Shipped Up to Boston

PLT Stuff At Last!

Well, I wanted to blog more this summer. I can’t really claim that I was too busy, since I wasn’t. I did make a lot of progress on my Hearthstone card collection though. But I think I’m back now. I’ve read five books in the past three weeks, all to do with programming languages, so I better write while the mood lasts.


Alas, no progress on Wort. It’s not abandoned, but I’m not even close to done designing the language just yet. Compiling a dynamically typed concatenative language to JavaScript is also quite an efficiency challenge: the resulting code of a naive translation is ugly to read and slow to run. I’m not sure the problem can be solved without applying type inference to most words.


I’ve been doing a lot of reading on Forth, however, and how to efficiently compile it and other related languages. A lot of the literature for the JVM and CIL doesn’t apply as well here since Forth can have divergent stack effects and very often functions with multiple return values. Looking into the internals of the Go compiler could likely yield some valuable insight to efficient multiple return values.

But the problem of type inference remains. I think I’ve come up with a type inference algorithm for higher-order stack languages, and I’m going to try it out on a batch-compiled version of Forth. More information on this is forthcoming, because I haven’t actually proved anything yet, but I’ve tested it by hand on several edge cases and it seems to be robust. Spoiler alert: the type system doesn’t support Forth’s divergent stack effects, but is still more general than the system formalized by Christopher Diggins (in that preserves associativity of composition while allowing composition of functions like (A ~ B)(C ~ D)). The language will, like Forth, be super low level but capable of higher level design patterns. I’m sticking with the ongoing alcohol-related naming theme, I’ve named the language Yeast right now.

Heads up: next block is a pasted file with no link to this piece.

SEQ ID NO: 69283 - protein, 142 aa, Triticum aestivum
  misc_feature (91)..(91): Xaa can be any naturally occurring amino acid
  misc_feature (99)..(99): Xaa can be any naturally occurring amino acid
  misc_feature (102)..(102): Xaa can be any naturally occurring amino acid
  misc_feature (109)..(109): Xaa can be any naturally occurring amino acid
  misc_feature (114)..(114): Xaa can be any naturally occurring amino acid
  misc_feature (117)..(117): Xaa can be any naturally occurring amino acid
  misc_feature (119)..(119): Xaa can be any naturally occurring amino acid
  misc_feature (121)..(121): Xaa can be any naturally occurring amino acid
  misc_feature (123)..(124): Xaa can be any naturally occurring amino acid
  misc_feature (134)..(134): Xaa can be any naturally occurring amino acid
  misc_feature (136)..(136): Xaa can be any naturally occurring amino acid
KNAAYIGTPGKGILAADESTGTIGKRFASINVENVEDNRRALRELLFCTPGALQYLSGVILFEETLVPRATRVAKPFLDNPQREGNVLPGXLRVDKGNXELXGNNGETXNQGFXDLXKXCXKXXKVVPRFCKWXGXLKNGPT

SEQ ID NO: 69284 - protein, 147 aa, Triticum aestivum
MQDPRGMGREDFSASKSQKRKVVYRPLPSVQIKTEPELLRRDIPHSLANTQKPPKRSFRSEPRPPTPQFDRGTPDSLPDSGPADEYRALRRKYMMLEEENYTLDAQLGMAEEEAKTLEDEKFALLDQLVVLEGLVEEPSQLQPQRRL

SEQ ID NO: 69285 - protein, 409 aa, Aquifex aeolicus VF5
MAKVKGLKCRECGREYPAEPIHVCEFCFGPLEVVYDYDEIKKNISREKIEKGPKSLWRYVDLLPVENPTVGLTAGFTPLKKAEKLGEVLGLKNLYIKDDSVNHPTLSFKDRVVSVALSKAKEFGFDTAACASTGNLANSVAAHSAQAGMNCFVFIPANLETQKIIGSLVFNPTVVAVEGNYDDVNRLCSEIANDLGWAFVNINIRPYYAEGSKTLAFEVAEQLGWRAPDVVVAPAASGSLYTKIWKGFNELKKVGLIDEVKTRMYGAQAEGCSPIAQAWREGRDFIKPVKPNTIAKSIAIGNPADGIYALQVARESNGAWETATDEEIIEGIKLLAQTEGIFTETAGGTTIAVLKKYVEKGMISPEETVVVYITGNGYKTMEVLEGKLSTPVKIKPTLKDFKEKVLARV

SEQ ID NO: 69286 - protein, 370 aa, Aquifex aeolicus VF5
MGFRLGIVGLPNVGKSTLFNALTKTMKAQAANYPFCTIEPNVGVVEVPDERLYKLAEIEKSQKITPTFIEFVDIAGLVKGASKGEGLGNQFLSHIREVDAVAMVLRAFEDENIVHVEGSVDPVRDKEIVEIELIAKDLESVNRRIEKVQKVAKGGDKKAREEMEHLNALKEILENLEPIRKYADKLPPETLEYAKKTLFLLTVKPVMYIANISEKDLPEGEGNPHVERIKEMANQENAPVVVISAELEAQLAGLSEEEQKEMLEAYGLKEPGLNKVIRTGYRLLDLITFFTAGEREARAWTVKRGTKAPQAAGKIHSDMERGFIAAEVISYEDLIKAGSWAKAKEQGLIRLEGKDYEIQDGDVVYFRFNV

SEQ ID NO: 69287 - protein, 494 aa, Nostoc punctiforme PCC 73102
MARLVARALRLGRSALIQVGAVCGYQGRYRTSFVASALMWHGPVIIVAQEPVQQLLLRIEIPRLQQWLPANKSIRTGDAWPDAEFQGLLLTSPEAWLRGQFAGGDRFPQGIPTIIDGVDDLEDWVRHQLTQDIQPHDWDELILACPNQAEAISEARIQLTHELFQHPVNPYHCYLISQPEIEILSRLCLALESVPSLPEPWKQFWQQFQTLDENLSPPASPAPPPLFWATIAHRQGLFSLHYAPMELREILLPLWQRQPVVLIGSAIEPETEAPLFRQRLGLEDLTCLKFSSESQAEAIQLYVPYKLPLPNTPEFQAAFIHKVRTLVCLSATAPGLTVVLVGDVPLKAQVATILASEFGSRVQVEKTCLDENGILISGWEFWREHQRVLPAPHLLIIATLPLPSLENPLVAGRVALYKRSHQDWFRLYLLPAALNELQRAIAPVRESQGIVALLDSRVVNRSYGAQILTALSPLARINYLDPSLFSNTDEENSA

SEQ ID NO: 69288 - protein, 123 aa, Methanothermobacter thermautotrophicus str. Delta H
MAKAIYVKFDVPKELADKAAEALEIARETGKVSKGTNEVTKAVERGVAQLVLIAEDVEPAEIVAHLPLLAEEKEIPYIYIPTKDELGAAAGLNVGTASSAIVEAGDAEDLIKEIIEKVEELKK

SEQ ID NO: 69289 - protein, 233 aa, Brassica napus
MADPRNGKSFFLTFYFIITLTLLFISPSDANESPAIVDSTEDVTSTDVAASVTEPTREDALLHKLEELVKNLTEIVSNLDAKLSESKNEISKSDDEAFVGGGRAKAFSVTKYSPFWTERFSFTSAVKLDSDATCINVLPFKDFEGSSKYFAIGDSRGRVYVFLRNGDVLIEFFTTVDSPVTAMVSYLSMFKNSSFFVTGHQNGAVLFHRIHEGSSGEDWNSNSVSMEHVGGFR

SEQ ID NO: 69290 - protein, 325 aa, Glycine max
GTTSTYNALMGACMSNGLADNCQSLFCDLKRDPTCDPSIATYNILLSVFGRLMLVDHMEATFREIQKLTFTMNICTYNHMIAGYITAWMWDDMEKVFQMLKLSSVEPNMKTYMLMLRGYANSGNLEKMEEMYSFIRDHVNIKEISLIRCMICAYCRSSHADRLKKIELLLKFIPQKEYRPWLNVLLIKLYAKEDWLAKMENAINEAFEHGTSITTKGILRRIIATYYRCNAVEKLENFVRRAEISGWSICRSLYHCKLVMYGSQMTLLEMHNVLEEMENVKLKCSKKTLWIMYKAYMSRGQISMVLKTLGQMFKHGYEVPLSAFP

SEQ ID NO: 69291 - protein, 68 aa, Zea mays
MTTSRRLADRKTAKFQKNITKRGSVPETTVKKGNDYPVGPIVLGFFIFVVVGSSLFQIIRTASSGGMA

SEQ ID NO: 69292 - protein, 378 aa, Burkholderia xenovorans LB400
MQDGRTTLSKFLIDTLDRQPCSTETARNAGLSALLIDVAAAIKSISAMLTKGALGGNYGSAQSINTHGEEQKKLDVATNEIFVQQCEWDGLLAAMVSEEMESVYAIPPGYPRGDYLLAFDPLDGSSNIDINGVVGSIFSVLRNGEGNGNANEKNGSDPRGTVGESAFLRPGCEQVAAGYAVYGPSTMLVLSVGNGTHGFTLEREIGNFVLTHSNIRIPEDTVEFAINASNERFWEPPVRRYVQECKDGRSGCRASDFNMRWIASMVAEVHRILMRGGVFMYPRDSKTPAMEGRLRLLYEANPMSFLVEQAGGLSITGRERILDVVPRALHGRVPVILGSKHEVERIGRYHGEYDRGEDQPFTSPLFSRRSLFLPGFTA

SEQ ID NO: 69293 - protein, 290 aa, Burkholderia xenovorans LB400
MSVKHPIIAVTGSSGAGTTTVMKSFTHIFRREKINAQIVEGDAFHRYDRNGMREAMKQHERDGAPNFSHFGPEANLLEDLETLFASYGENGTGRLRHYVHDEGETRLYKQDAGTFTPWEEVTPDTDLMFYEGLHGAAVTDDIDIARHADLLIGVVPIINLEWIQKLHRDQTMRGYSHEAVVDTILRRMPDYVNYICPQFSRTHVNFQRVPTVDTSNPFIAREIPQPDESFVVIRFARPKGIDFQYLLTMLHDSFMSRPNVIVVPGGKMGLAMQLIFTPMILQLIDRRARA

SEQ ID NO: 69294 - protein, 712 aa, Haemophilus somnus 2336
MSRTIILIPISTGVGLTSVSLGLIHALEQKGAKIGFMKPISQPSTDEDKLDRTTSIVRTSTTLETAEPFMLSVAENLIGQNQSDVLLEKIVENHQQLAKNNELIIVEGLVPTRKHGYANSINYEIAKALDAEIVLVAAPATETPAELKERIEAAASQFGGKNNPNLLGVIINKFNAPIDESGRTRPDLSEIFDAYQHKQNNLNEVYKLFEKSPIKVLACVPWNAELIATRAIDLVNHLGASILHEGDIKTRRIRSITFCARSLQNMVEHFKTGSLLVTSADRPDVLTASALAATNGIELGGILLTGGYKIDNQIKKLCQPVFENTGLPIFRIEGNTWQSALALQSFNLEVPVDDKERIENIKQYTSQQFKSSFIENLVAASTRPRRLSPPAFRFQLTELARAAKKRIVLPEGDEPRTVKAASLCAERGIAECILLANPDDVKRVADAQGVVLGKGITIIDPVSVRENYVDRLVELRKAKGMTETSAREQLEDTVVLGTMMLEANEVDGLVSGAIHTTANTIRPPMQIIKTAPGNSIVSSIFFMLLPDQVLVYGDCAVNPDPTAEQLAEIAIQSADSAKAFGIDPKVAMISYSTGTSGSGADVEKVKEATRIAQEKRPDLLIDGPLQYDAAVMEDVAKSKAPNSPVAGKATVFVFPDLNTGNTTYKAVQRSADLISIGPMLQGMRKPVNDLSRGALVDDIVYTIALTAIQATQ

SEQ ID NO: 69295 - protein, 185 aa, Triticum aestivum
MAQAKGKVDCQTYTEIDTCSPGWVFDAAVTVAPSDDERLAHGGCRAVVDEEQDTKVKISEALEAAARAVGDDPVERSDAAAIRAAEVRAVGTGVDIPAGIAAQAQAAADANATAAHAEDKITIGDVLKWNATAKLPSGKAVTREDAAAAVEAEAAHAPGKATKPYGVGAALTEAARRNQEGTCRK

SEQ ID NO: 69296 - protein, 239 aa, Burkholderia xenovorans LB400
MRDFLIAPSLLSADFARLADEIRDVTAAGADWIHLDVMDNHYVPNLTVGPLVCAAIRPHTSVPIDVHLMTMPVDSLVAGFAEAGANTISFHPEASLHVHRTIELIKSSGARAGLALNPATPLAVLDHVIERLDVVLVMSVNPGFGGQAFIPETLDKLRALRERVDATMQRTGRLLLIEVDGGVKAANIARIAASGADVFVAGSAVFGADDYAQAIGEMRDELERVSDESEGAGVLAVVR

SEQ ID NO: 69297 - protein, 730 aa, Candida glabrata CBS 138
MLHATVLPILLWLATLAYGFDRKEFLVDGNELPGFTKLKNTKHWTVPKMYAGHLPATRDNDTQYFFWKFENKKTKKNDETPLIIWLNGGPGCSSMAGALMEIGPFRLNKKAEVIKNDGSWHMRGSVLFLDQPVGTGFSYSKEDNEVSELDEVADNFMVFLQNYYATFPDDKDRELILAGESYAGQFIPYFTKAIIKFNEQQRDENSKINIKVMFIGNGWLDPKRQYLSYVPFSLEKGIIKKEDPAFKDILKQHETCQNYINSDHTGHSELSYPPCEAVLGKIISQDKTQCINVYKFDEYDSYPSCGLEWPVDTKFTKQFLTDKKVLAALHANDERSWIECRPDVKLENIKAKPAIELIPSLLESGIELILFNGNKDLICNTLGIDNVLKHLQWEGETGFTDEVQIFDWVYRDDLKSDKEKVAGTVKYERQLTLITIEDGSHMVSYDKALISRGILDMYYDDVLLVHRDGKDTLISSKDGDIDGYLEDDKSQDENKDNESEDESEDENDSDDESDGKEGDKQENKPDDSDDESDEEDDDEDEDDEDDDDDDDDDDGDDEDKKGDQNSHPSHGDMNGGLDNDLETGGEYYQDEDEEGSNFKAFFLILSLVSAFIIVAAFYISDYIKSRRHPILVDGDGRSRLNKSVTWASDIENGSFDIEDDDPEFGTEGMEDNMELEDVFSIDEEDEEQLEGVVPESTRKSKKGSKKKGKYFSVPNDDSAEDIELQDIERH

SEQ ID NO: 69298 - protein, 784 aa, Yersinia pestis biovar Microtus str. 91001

Graduate School

Uh, well, for having a lot less classes it’s taking more time than undergrad seemed too. Part of that might be adjusting to living outside of Idaho for the first time in my life. Boston’s a great city, definitely the most fun big city I’ve ever been in. It has a character all its own, independent from the living inhabitants, and the people have so far been great. Driving in the city is absolutely abominable though. I take the T.
I wasn’t a huge fan of the Northeastern campus when I first arrived, but it’s grown on me, and the library is exquisite. Most of the aforementioned books I’ve been reading have been read while I lounge in one of the open grassy areas on campus, which are well stocked with benches and Adirondack chairs. It’s great, but not as great as seeing so many other people doing the same thing.


I’m planning to work on formalization of concatenative languages on this blog. Like I said, I think I have the type inference algorithm worked out, but I want to get a better foundation in PLT theory before I go too far afield. I’ve looked into the formalization of semantics as well, and it seems that concatenative languages yield themselves very well to term rewriting semantics. Look to see posts in both of the above categories soon.

Leave a Reply

Fill in your details below or click an icon to log in: Logo

You are commenting using your account. Log Out /  Change )

Google photo

You are commenting using your Google account. Log Out /  Change )

Twitter picture

You are commenting using your Twitter account. Log Out /  Change )

Facebook photo

You are commenting using your Facebook account. Log Out /  Change )

Connecting to %s